Wednesday, August 29, 2012

Are TV Spots and Commercials Too Loud? Louder Than the Programs? You Need to Know About the New CALM Act.

For years people have complained about the commercials or TV spots which are too loud.

Advertising agencies produced the spots louder. They wanted their clients’ ads to stand out.

Programmers and station management wanted their promos to stand out.

The FCC (Federal Communications Commission) is turning down the volume on TV ads.

By December 2012, the new FCC rules and the Commercial Advertisement Loudness Mitigation (CALM) Act will require advertisers and networks to adopt best practices to ensure their commercials and promos don’t SHOUT at higher, louder volumes than the programming.

It is being argued that promos and ads are making pitches to consumers in a similar fashion. Even though a promo may not involve a direct pay-for-play arrangement, it is argued that the intention is the same.

Under CALM, the burden is on cable operators, satellite operators, telcos and stations to ensure that the content they carry complies with this new legislation.

Now you can turn the volume up or down. Just not both during the same 30 minutes of your favorite show. 

How Many Advertising Agencies Have Worked And Will Work For Burger King? BK Is Looking Again For Agencies? Really, Again?

That is not new or news.

According to AdvAge, BK is looking again. Really.
BK has every agency compete, and by adding more agencies there is more competition. The move means that the new and "old" agencies would have to compete against one another for projects, which has been happening more or less each quarter, for each new campaign.

It’s using McGarryBowen (lead creative agency), Mother, Ogilvy offshoot - David, Pitch, Pereira & O'Dell; and appears to be looking for others. They could be looking to increase "same-agency" sales.

What's more interesting it that there have been sales gains. BK is showing signs of reversing a long decline in same-store sales.

The news of more agencies competing is surely unfortunate for McGarryBowen, which signed on with Burger King as the main agency in ‘11.

McGarryBowen hasn't appeared to have had any work run since the end of the first quarter, after Burger King announced that it was adding Mother, David and Pitch as general-market agencies.

There doesn’t seem to be much "partnership" and more of  "vendor, project based" relationships for BK.

As BK shops for agency "vendors," just watch out that shops may not want more project work, as that works against them for bigger opportunities in the same category.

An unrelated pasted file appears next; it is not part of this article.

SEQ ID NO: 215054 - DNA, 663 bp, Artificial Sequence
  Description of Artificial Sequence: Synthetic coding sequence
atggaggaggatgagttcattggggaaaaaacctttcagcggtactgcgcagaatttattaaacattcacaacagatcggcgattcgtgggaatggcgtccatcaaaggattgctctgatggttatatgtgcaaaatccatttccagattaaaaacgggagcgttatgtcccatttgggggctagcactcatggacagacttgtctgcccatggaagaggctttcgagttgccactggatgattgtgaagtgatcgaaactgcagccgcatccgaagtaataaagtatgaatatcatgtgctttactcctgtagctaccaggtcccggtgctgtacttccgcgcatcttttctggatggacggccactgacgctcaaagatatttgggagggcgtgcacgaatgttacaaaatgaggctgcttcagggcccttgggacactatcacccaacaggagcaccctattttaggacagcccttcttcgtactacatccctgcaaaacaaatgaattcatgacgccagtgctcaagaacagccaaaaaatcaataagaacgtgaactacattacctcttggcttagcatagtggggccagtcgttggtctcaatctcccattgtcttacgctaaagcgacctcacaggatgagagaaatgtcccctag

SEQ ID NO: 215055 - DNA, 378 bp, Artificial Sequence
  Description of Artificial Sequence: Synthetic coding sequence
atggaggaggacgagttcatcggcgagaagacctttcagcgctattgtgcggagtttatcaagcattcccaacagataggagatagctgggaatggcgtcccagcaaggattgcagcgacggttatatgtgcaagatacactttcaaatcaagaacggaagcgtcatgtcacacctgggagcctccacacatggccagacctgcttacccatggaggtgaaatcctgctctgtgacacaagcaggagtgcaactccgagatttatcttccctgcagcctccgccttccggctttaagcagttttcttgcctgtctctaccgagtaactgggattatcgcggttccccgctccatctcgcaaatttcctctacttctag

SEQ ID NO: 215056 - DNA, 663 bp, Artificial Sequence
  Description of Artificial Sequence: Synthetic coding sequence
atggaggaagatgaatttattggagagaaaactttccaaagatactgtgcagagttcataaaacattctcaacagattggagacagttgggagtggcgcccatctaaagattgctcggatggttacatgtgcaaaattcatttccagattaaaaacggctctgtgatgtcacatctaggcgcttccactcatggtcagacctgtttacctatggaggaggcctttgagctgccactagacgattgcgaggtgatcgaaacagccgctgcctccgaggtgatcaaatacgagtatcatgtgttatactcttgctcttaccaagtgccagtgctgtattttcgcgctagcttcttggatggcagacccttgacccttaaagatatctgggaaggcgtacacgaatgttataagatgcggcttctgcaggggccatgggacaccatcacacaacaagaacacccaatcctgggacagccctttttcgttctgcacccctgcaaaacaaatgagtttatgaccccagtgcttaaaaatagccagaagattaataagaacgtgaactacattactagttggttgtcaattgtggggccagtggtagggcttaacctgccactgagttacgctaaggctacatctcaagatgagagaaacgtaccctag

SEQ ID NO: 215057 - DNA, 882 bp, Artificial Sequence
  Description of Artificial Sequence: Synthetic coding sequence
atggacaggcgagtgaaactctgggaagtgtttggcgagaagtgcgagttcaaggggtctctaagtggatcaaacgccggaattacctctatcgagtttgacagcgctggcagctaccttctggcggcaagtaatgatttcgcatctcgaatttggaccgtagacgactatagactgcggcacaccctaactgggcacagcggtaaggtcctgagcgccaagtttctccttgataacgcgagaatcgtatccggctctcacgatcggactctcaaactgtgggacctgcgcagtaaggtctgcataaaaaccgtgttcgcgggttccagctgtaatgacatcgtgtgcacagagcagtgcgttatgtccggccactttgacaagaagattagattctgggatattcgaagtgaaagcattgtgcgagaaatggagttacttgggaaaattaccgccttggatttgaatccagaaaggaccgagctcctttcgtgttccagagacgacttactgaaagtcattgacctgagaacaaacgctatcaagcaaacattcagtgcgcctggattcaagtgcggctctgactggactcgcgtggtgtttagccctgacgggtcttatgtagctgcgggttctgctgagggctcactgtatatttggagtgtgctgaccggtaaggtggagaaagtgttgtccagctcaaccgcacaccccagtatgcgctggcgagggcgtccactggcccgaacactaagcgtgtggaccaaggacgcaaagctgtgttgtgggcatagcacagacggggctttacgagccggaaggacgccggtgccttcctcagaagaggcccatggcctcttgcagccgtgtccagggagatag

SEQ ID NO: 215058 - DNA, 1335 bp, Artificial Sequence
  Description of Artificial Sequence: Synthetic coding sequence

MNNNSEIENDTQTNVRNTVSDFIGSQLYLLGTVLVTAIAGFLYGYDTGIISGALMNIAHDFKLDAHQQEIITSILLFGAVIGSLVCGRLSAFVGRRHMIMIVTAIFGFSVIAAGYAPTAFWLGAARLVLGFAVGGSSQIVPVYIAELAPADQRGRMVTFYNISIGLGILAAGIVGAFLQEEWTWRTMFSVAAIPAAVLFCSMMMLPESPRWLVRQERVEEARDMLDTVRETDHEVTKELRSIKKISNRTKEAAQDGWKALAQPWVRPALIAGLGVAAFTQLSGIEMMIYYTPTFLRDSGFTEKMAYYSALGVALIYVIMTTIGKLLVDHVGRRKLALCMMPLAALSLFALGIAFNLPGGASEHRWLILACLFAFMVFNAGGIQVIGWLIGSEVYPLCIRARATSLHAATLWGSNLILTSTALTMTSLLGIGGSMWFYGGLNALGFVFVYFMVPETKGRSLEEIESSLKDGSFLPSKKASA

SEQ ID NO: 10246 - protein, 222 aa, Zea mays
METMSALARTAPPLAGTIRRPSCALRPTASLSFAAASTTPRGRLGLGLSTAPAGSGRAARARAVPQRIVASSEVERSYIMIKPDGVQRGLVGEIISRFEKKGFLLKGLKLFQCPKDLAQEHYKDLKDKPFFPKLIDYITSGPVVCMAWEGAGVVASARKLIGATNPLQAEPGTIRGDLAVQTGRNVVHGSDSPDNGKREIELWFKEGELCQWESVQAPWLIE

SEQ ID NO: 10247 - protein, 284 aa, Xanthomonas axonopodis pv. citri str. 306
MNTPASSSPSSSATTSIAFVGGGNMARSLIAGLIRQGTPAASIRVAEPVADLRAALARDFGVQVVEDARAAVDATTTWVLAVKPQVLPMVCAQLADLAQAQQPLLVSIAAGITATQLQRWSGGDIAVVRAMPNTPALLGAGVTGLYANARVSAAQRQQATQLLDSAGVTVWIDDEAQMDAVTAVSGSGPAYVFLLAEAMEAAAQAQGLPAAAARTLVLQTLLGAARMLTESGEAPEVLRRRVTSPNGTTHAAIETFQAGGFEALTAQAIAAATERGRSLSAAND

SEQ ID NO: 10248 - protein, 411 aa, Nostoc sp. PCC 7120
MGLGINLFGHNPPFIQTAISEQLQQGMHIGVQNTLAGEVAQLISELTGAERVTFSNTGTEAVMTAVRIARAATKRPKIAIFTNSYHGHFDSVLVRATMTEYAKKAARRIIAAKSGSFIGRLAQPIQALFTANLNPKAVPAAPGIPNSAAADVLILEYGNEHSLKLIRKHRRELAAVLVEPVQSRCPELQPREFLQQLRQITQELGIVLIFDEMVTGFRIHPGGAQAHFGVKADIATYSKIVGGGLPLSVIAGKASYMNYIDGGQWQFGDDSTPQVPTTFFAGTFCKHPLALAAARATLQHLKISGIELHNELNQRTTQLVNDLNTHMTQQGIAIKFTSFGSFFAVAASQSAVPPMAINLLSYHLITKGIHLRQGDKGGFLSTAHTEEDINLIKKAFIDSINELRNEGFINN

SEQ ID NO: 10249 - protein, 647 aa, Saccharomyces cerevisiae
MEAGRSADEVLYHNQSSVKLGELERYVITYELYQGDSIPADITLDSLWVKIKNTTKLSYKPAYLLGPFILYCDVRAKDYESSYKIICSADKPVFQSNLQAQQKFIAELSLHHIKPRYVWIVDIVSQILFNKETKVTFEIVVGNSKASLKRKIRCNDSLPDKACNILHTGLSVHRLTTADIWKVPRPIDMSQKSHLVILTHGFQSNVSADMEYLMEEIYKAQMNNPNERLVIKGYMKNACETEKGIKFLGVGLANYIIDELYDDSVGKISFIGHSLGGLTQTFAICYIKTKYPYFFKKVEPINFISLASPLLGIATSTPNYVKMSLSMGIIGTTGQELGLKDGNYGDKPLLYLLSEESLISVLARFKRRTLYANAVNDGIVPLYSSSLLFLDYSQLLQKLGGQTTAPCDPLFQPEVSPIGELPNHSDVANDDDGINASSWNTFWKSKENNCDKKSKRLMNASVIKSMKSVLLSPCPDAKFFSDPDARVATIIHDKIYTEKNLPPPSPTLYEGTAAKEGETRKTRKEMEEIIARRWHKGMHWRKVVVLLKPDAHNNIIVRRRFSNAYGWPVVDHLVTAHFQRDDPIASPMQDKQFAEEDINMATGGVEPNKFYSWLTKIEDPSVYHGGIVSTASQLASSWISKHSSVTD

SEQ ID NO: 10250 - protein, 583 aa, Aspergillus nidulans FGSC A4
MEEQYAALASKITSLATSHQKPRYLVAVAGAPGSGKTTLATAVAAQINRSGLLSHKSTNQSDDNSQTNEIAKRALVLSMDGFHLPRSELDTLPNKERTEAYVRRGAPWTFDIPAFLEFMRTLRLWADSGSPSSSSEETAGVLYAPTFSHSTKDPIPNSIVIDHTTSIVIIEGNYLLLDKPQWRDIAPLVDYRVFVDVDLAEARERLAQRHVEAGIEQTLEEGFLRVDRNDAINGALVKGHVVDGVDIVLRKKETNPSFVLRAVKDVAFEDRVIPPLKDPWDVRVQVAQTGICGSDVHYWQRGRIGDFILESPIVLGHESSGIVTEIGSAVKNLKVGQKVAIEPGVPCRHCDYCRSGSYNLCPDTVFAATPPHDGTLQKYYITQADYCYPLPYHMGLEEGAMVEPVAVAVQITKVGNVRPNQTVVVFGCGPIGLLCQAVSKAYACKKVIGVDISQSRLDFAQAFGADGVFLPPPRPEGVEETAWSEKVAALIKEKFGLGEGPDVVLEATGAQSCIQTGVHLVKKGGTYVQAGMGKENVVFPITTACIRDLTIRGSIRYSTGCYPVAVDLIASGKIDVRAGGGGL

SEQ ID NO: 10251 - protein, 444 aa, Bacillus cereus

Friday, August 24, 2012

Good for Nike and Bad, Really Bad, for LeBron

For Nike its $315 shoe has one of the Nine P’s/9P’s  “Promotion” built right into it; for LeBron the shoe has “Stupid” and “Dumb” all over it. For his image, it's just not smart Marketing.

LeBron James' signature shoe or Nike’s high-end version of his shoe is priced at plus $300. That’s what the WSJ has reported. Nike says it has not released its price. Estimated production of 25K to 50K pairs. By the way, his most expensive LeBron IX shoes currently go for $250.

Nike gets to tout its new technology. Every major media outlet has done stories on the LeBron X. That is excellent for Nike. Nike says the top model will cost more "to reflect the Nike+ technology embedded in the shoes."  Well, that overall Promotion, with no advertising, just publicity is excellent for Nike, but not for James.

Now for LeBron. LeBron who was riding high after winning the NBA championship and the Olympics’ Gold medal is in another PR nightmare. Remember the ESPN's Decision crafted by LeBron and his team of high school buddies. Just a plain, dumb, avoidable marketing mess, with legs.

Not sure everyone knew but NBC TV viewers watched LeBron wear the shoes at the London Olympics.

Last week the National Urban League asked parents not to waste their money on an "empty status symbol." Marc Morial of the NUL said "To release such an outrageously overpriced product while the nation is struggling to overcome an unemployment crisis is insensitive at best."

We were at a 1A baseball game in June with the Cleveland Indians’ Captains when they flashed (mere seconds) LeBron’s picture to get more noise. They got huge boos.

Nike is introducing a new LeBron X shoe, just as the public and sports enthusiasts were starting to like him again.

As for “Targeting,” the Nike+ shoe is positioned to elite athletes and consumers who want to track how far they run and how high they jump.

LeBron doesn't really get it (his best, overall public and marketing image) even now. In the court of public opinion he’s going in the wrong way. Again.

1 For the Nine P’s/9P’s© go to